Located in the historic Pike Place Market, Isadora’s has specialized in exquisite antique jewelry for 38 years. Our discriminating collection includes pieces from the early 1800’s through the 1950’s, without a reproduction to be found. Our precious pieces are sent to North American Gem Lab for independent appraisals. We invite you to call our toll free number for applicable discounts. On many of our pieces, we are able to offer between 10-25% off of appraisal value.

Friday, April 1, 2011


This December I received a fantastic ceramic scarab ring for Christmas. 
         What is a scarab ring you might ask?  Well until a couple years ago I did not know either.  But now that I know I am obsessed. 
         Popular since ancient Egypt, scarab jewelry is jewelry set with either stones carved to look like the scarabaied beetle or in the Victorian era pieces, often set with actual beetle carpasces or exoskeletons. 
         I have always been a person who is inexplicably drawn to things, whether it is art, jewelry, clothing or people.  And that was how I felt about scarab jewelry.  From the first moment I espied an 1890's Victorian, scarab brooch I was in love. 
         But now that I have a piece of my own, I decided to do a little more research and find out exactly what else has fascinated people about the scarab from Ancient Egypt to the present.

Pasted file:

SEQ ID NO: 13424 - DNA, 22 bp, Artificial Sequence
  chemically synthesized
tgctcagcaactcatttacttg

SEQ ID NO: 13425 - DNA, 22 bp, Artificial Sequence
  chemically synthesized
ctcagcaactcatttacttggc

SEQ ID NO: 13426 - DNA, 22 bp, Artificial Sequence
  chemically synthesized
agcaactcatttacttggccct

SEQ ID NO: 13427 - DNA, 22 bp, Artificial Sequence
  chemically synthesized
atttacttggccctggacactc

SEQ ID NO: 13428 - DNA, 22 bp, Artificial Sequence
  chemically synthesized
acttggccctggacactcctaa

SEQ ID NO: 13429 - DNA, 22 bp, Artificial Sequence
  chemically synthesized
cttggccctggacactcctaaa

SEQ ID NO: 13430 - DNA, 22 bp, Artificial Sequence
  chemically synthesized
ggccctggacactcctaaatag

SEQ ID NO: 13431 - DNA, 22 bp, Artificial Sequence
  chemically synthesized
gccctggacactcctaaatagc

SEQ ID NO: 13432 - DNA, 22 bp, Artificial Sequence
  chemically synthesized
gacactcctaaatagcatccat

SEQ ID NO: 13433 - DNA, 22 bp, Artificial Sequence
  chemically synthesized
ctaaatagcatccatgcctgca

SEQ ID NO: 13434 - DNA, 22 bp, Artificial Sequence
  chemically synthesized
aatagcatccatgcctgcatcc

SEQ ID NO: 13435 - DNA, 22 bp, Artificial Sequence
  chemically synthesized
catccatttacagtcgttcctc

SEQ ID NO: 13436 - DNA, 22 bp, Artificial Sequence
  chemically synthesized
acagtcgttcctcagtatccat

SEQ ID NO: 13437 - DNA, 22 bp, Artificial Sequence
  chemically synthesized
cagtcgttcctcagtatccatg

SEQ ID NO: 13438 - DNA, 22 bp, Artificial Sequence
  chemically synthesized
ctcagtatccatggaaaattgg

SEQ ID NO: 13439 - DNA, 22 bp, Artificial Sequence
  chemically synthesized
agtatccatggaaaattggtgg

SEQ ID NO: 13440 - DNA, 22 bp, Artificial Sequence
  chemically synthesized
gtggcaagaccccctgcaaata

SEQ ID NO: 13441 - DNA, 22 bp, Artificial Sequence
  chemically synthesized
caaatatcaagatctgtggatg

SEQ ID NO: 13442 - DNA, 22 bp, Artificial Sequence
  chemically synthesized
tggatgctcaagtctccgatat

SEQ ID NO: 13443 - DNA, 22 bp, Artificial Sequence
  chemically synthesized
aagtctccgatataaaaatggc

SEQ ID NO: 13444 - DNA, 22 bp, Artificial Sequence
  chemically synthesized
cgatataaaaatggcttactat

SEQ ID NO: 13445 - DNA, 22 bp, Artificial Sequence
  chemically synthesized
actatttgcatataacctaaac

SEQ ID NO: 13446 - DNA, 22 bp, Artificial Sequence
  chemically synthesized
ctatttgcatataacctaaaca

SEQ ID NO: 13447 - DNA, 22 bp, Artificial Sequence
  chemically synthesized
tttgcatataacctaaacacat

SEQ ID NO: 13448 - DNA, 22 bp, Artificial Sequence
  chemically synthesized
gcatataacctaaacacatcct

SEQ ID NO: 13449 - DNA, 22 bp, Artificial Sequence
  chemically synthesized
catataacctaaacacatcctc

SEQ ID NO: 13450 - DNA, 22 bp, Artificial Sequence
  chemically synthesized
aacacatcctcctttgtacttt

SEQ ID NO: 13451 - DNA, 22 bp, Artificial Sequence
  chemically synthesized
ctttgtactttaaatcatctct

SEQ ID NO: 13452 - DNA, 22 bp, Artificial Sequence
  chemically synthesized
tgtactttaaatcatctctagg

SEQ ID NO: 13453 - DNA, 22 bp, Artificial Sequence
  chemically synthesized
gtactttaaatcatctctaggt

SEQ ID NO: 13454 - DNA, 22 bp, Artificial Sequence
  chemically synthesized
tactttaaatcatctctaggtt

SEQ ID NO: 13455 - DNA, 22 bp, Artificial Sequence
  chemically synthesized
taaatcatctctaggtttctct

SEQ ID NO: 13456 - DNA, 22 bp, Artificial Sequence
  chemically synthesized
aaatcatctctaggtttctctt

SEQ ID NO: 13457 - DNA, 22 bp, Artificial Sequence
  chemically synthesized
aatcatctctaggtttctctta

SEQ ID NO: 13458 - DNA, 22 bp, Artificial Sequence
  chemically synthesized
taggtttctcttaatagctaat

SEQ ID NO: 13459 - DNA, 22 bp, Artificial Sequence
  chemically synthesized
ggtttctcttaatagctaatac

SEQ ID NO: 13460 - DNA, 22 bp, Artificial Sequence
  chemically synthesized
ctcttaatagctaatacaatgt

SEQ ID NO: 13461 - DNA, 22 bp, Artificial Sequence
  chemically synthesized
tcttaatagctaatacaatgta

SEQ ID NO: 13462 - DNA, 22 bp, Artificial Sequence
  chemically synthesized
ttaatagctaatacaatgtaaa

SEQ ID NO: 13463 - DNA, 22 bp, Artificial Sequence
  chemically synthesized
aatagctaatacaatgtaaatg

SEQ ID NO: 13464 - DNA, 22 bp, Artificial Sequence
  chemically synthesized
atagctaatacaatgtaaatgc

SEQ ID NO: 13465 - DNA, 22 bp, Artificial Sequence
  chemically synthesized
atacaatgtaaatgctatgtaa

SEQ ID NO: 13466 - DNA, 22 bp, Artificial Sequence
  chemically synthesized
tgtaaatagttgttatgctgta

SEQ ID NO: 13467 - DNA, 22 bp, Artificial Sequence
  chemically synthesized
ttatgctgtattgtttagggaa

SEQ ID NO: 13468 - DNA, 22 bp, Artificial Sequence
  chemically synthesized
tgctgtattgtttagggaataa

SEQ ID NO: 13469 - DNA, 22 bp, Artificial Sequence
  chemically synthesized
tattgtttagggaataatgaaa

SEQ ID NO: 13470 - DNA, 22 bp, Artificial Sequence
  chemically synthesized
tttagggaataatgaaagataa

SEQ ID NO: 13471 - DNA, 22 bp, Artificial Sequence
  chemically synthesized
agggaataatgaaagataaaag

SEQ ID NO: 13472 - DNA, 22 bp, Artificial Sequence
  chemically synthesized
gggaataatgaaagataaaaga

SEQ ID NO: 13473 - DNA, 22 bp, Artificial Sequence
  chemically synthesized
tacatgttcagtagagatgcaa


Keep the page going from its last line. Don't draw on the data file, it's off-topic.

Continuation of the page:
In ancient Egypt the scarabaied beetle was considered a divine symbol of rebirth for it represented the ancient deity, "Kheprie" who each day rolled the sun, "Ra", across the sky transforming bodies and soles.  And thus the scarab became the earthly symbol of the heavenly cycle.
         And so ancient Egyptians wore scarab charms, amulets and beads on necklaces and rings for good luck, protection, bravery and fertility.
         A dynamic symbol or charm the scarab beetle was also considered the protector of the written word.  They would use the smooth stomach of the carved scarab as a tablet on which to engrave.  For instance, Amehotep the III was famous for using scarabs commemoratively.  Using scarabs he memorialized the great lion hunts and the story of how he built a lake for his wife Queen Tiye.
         And the most important scarab of all, to the ancient Egyptians, was the "heart scarab" which was buried with the dead to ensure their rebirth in the afterlife.
         Of course, the popularity of the scarab did not end in ancient Egypt as my ring attests.  As with many Egyptian motifs the scarab was very popular in Victorian England as it was in the 1920's when King Tut's tomb was excavated.  Like in ancient Egypt you could find fabulous scarabs, carved out of precious stones.

But you could also find scarab jewelry with the true exoskeleton of an iridescent beetle.  Like the wings found in butterfly jewelry the beetles were usually brought from South America. 

These more realistic scarab pieces are difficult to find but truly spectacular to see.  As in most things it is hard to outdo nature's beauty and the iridescent blacks and greens of the beetles exskeleton is a wonderment to see. 

Now as I look at the ring, nestled on my right hand, I see not only the beauty of a piece in singularity but I see a ring set against a backdrop of symbol and fashion and I love it even more.  

1 comment:

Mitra said...

In Market Scarab Jewelry is available in various different price ranges. Scarab is one the famous jewelry available in various forms such as bracelets, earrings and necklaces. Starting price range of Scarab Jewelry is near about $75.

With Regards
Loose Diamonds

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